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An approach to estimate global biomass burning emissions of organic and black...

Vermote, E. F., E. Ellicott, O. Dubovik, T. Lapyonok, M. Chin, L. Giglio, and G. J. Roberts (2009), An approach to estimate global biomass burning emissions of organic and black carbon from MODIS fire radiative power, J. Geophys. Res., 114, D18205, doi:10.1029/2008JD011188.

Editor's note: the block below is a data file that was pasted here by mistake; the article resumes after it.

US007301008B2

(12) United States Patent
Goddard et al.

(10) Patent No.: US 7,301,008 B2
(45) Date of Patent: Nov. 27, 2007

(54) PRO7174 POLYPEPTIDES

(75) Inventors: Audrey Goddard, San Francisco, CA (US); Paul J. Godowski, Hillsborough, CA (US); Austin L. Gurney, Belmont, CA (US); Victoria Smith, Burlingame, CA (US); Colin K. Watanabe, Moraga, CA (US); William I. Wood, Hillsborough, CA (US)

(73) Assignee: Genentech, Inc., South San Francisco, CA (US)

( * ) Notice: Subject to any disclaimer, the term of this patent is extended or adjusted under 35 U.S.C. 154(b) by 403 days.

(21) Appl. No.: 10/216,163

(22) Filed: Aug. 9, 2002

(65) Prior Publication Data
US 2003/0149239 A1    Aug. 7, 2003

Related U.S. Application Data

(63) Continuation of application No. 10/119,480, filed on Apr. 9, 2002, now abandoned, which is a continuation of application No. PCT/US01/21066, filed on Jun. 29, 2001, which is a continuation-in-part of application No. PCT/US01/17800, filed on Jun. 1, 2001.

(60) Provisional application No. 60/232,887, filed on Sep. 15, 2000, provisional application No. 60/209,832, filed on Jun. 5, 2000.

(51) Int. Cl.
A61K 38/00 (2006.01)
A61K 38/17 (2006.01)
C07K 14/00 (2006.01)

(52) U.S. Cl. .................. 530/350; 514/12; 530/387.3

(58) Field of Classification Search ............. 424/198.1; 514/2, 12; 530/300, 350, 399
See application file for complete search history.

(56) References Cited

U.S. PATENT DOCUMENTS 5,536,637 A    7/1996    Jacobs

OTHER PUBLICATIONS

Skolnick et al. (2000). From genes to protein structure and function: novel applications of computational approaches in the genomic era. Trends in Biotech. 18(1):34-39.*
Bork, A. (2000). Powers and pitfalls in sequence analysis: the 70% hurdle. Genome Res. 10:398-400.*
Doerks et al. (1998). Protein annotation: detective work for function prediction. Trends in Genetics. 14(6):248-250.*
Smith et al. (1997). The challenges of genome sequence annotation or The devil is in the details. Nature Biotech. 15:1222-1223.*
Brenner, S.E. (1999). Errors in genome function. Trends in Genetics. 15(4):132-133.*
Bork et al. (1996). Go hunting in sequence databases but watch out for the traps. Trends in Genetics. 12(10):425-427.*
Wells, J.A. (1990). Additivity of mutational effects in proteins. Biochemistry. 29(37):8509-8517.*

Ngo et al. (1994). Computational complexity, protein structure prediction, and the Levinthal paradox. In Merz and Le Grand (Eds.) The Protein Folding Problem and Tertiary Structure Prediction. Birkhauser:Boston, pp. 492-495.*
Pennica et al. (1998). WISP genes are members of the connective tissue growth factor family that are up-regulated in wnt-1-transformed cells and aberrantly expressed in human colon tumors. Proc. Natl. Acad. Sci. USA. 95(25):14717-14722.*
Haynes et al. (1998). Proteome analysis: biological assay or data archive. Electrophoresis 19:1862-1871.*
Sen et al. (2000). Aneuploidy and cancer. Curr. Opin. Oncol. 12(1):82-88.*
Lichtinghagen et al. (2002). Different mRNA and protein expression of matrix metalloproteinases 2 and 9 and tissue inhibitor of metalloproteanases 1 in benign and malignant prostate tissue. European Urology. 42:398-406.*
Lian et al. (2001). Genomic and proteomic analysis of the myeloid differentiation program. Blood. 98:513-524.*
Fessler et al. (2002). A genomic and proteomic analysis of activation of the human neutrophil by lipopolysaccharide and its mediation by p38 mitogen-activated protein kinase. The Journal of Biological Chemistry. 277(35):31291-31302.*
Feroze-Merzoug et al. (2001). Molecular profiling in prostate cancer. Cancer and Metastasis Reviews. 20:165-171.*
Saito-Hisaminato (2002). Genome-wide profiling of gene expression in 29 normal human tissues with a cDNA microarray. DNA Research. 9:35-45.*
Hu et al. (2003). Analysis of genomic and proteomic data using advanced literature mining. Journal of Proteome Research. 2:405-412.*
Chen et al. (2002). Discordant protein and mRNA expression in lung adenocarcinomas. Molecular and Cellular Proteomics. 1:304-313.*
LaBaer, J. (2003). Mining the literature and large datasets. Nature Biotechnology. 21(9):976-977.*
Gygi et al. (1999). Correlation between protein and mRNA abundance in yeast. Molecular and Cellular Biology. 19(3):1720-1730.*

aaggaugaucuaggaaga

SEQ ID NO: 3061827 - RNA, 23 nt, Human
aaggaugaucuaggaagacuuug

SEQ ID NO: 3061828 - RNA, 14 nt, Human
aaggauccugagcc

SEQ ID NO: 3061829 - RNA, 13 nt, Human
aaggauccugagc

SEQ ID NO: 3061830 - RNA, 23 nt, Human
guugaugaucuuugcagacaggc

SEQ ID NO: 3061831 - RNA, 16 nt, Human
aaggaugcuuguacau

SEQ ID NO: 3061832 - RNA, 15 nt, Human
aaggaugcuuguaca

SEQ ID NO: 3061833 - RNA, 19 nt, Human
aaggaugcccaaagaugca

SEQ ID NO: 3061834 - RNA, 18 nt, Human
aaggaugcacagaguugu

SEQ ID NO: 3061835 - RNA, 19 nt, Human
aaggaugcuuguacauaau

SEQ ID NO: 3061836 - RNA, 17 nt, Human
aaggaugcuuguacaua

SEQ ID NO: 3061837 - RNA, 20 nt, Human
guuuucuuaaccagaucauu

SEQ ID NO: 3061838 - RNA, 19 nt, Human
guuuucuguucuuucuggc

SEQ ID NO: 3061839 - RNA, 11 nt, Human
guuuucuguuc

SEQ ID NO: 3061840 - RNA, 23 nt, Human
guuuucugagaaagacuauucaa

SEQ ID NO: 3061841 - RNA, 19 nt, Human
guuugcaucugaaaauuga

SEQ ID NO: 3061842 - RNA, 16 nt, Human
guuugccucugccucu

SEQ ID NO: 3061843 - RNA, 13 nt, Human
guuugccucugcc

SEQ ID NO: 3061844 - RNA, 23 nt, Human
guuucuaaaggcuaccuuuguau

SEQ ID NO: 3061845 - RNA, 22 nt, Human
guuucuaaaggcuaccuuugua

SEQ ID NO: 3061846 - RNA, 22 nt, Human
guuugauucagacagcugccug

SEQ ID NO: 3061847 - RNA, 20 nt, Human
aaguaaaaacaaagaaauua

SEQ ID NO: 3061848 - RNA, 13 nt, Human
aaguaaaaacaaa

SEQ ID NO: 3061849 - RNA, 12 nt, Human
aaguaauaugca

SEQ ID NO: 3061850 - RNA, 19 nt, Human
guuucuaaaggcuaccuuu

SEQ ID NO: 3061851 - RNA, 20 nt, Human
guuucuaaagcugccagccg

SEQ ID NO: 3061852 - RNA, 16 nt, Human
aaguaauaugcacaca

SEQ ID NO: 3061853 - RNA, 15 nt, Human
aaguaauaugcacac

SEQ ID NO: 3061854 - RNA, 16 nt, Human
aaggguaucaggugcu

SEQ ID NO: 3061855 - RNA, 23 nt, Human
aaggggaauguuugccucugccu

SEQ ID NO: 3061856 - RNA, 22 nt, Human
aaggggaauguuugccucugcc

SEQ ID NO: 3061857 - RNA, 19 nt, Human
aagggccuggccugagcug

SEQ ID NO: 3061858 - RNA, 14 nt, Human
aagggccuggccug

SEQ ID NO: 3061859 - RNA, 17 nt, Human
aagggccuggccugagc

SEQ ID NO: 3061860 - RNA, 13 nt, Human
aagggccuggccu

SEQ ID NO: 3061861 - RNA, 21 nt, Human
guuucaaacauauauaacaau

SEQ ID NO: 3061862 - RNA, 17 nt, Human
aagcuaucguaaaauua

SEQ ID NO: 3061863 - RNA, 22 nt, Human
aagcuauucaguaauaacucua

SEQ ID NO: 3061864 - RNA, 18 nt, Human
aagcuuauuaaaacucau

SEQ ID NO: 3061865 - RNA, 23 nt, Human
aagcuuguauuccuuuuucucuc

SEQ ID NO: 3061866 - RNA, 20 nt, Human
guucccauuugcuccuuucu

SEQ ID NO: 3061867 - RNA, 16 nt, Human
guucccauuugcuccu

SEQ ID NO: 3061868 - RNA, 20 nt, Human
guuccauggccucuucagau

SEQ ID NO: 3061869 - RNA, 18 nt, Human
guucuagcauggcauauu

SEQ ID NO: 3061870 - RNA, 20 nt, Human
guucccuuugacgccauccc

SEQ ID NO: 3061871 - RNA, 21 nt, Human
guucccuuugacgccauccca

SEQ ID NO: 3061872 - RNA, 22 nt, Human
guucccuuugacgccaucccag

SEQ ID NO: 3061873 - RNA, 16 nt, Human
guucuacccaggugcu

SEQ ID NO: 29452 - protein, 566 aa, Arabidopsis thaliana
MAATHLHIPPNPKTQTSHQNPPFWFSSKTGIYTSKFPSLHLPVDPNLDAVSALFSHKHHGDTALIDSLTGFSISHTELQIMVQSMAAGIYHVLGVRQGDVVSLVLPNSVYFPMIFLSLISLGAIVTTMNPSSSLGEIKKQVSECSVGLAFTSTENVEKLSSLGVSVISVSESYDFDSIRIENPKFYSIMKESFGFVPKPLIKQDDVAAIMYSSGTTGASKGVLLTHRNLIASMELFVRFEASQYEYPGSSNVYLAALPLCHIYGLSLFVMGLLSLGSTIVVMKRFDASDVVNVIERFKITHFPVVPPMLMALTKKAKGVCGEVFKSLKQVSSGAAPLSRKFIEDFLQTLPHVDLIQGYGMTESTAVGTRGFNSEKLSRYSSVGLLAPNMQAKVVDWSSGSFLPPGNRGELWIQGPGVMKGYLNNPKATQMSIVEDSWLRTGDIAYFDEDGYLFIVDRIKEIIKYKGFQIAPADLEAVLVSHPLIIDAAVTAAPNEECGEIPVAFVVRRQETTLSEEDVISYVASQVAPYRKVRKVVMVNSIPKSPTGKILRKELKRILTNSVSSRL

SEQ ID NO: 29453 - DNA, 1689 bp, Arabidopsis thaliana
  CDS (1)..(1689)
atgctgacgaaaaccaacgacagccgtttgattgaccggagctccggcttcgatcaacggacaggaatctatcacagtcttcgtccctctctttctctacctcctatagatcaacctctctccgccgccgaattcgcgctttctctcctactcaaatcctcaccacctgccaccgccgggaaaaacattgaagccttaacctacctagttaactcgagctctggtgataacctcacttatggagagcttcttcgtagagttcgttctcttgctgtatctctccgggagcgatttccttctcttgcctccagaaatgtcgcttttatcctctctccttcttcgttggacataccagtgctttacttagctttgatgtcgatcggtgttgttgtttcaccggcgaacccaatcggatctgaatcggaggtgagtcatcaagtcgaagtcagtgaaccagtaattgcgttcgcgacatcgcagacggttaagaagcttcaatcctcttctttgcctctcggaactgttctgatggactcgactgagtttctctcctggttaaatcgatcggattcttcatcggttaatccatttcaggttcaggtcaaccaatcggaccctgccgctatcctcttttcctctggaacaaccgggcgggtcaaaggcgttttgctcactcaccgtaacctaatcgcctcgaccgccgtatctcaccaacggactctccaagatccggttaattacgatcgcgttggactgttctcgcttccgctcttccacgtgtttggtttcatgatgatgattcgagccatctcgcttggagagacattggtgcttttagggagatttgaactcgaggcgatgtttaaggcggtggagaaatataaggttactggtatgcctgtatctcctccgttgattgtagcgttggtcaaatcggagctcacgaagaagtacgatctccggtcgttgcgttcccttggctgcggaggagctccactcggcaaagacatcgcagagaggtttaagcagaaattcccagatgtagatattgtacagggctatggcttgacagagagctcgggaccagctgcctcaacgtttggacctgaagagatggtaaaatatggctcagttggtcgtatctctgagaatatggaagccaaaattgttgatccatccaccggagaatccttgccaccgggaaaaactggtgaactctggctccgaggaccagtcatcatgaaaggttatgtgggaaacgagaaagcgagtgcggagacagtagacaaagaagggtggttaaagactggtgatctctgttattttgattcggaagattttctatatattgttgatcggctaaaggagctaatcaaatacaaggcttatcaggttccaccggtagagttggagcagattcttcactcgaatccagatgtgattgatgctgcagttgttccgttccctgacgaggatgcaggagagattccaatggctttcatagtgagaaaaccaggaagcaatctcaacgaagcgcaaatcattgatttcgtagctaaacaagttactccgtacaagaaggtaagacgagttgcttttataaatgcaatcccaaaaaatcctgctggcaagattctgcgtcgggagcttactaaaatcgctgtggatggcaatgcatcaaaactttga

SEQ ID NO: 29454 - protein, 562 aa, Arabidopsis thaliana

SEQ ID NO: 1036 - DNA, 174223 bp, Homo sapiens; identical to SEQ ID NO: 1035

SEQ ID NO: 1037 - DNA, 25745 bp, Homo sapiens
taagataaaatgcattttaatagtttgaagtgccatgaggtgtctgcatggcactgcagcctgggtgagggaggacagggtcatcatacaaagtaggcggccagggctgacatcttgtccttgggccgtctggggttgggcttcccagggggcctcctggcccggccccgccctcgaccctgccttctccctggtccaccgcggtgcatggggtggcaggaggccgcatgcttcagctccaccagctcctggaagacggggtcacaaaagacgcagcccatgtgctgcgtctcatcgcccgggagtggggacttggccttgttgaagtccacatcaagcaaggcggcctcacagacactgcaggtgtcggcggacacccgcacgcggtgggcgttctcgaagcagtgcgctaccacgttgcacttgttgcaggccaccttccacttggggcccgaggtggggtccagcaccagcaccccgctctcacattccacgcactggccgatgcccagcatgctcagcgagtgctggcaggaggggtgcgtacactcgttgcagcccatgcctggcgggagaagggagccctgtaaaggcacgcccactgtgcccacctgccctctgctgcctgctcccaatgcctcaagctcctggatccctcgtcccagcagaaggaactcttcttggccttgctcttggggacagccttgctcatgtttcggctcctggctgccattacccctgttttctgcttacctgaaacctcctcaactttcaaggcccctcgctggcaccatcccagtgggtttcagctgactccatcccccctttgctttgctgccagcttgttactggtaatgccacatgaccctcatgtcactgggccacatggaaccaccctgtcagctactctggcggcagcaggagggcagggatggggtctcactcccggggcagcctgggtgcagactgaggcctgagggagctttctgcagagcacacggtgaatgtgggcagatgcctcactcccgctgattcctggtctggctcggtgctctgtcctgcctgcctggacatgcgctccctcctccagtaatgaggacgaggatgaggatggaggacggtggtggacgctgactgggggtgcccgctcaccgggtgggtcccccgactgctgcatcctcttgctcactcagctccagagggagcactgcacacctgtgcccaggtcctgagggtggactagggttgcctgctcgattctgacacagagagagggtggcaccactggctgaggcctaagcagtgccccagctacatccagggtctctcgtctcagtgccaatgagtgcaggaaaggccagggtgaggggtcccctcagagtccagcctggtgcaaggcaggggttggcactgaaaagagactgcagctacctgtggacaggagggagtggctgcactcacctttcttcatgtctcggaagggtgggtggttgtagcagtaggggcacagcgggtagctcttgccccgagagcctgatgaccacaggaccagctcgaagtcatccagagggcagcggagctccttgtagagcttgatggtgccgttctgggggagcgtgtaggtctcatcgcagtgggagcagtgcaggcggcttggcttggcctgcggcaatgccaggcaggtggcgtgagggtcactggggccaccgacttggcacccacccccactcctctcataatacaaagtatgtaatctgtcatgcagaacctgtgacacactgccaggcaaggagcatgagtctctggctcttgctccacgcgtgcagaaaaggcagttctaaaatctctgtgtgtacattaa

Biomass burning is the main global source of fine primary carbonaceous aerosols in the form of organic carbon (OC) and black carbon (BC). We present an approach to estimate biomass burning aerosol emissions based on the measurement of radiative energy released during combustion. We make use of both Aqua and Terra MODIS observations to estimate the fire radiative energy using a simple model to parameterize the fire diurnal cycle based on the long-term ratio between Terra and Aqua MODIS FRP. The parameterization is developed using cases of frequent (up to 12 times daily) MODIS observations, geostationary data from SEVIRI, and precessing observations from TRMM VIRS. FRE-based emission coefficients for the organic and black carbon (OCBC) component of fine mode aerosols are computed from multiple regions encompassing grassland/savanna, tropical forest, and extratropical forest biomes using OCBC emission estimates derived from the MODIS fine mode aerosol product and an inverse aerosol transport model. The values of emission coefficients for OCBC retrieved were 2.7 ± 0.3 g/MJ for grassland/savanna, 8.6 ± 0.8 g/MJ for tropical forest, and 14.4 ± 0.8 g/MJ for extratropical forest. The FRE monthly data are then used to estimate OCBC emissions from biomass burning on a global basis. For 2001 to 2007, our annual estimates are comparable to previously published values. According to our estimate, the OCBC emissions are the largest for 2003 (18.8 Tg), roughly 20% above average and primarily driven by wildland fires in the Lake Baikal region (Russia).

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